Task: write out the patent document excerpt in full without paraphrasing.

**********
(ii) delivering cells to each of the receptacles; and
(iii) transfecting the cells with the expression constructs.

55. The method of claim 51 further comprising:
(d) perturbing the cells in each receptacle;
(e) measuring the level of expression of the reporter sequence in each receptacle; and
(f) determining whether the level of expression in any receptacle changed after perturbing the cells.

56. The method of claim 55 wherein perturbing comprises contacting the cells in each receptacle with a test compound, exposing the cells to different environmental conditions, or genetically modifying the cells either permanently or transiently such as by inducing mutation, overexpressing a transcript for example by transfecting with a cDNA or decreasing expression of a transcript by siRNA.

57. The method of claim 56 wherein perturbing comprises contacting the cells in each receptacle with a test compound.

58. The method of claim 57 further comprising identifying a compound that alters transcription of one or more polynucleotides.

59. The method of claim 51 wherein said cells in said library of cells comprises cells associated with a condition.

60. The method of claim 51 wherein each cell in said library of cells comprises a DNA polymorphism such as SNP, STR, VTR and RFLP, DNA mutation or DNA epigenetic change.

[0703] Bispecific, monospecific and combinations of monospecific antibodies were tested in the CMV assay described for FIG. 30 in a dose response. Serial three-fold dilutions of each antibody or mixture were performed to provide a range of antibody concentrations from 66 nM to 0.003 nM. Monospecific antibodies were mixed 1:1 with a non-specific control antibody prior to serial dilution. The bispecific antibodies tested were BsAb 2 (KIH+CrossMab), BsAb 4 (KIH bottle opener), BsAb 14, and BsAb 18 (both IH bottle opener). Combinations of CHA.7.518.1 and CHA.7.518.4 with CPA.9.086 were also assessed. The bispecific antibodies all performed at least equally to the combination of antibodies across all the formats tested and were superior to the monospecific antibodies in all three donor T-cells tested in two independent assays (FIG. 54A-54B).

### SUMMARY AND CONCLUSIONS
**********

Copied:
(ii) delivering cells to each of the receptacles; and
(iii) transfecting the cells with the expression constructs.

55. The method of claim 51 further comprising:
(d) perturbing the cells in each receptacle;
(e) measuring the level of expression of the reporter sequence in each receptacle; and
(f) determining whether the level of expression in any receptacle changed after perturbing the cells.

56. The method of claim 55 wherein perturbing comprises contacting the cells in each receptacle with a test compound, exposing the cells to different environmental conditions, or genetically modifying the cells either permanently or transiently such as by inducing mutation, overexpressing a transcript for example by transfecting with a cDNA or decreasing expression of a transcript by siRNA.

57. The method of claim 56 wherein perturbing comprises contacting the cells in each receptacle with a test compound.

58. The method of claim 57 further comprising identifying a compound that alters transcription of one or more polynucleotides.

59. The method of claim 51 wherein said cells in said library of cells comprises cells associated with a condition.

60. The method of claim 51 wherein each cell in said library of cells comprises a DNA polymorphism such as SNP, STR, VTR and RFLP, DNA mutation or DNA epigenetic change.

[0703] Bispecific, monospecific and combinations of monospecific antibodies were tested in the CMV assay described for FIG. 30 in a dose response. Serial three-fold dilutions of each antibody or mixture were performed to provide a range of antibody concentrations from 66 nM to 0.003 nM. Monospecific antibodies were mixed 1:1 with a non-specific control antibody prior to serial dilution. The bispecific antibodies tested were BsAb 2 (KIH+CrossMab), BsAb 4 (KIH bottle opener), BsAb 14, and BsAb 18 (both IH bottle opener). Combinations of CHA.7.518.1 and CHA.7.518.4 with CPA.9.086 were also assessed. The bispecific antibodies all performed at least equally to the combination of antibodies across all the formats tested and were superior to the monospecific antibodies in all three donor T-cells tested in two independent assays (FIG. 54A-54B).

### SUMMARY AND CONCLUSIONS